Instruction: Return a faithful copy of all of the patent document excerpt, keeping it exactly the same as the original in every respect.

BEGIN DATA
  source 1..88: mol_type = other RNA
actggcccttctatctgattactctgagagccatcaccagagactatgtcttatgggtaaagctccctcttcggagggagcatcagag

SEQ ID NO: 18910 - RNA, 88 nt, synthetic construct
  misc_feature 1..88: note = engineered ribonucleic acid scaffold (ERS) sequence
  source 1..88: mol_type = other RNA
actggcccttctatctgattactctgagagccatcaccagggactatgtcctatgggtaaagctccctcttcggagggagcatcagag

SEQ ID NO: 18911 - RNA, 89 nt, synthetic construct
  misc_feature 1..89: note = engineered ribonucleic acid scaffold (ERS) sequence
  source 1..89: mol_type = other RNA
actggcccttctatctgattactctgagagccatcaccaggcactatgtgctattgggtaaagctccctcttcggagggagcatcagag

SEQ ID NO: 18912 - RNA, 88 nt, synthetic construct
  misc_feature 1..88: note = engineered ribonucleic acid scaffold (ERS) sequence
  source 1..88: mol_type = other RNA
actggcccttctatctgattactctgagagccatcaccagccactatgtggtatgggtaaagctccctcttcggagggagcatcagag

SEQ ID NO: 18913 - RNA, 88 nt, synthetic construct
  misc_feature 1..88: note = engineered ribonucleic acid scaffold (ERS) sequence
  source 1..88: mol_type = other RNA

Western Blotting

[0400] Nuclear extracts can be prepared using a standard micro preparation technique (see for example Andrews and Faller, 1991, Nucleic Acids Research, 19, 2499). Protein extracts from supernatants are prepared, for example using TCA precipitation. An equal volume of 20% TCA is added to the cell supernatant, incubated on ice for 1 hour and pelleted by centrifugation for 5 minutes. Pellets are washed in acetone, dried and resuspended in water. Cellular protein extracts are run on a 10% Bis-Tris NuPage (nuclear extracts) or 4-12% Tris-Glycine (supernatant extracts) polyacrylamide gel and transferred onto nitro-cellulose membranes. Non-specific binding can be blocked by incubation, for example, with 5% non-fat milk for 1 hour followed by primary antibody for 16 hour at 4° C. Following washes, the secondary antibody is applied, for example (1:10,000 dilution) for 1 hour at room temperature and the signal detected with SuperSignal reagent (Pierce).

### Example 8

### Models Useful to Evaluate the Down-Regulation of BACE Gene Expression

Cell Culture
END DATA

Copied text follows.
  source 1..88: mol_type = other RNA
actggcccttctatctgattactctgagagccatcaccagagactatgtcttatgggtaaagctccctcttcggagggagcatcagag

SEQ ID NO: 18910 - RNA, 88 nt, synthetic construct
  misc_feature 1..88: note = engineered ribonucleic acid scaffold (ERS) sequence
  source 1..88: mol_type = other RNA
actggcccttctatctgattactctgagagccatcaccagggactatgtcctatgggtaaagctccctcttcggagggagcatcagag

SEQ ID NO: 18911 - RNA, 89 nt, synthetic construct
  misc_feature 1..89: note = engineered ribonucleic acid scaffold (ERS) sequence
  source 1..89: mol_type = other RNA
actggcccttctatctgattactctgagagccatcaccaggcactatgtgctattgggtaaagctccctcttcggagggagcatcagag

SEQ ID NO: 18912 - RNA, 88 nt, synthetic construct
  misc_feature 1..88: note = engineered ribonucleic acid scaffold (ERS) sequence
  source 1..88: mol_type = other RNA
actggcccttctatctgattactctgagagccatcaccagccactatgtggtatgggtaaagctccctcttcggagggagcatcagag

SEQ ID NO: 18913 - RNA, 88 nt, synthetic construct
  misc_feature 1..88: note = engineered ribonucleic acid scaffold (ERS) sequence
  source 1..88: mol_type = other RNA

Western Blotting

[0400] Nuclear extracts can be prepared using a standard micro preparation technique (see for example Andrews and Faller, 1991, Nucleic Acids Research, 19, 2499). Protein extracts from supernatants are prepared, for example using TCA precipitation. An equal volume of 20% TCA is added to the cell supernatant, incubated on ice for 1 hour and pelleted by centrifugation for 5 minutes. Pellets are washed in acetone, dried and resuspended in water. Cellular protein extracts are run on a 10% Bis-Tris NuPage (nuclear extracts) or 4-12% Tris-Glycine (supernatant extracts) polyacrylamide gel and transferred onto nitro-cellulose membranes. Non-specific binding can be blocked by incubation, for example, with 5% non-fat milk for 1 hour followed by primary antibody for 16 hour at 4° C. Following washes, the secondary antibody is applied, for example (1:10,000 dilution) for 1 hour at room temperature and the signal detected with SuperSignal reagent (Pierce).

### Example 8

### Models Useful to Evaluate the Down-Regulation of BACE Gene Expression

Cell Culture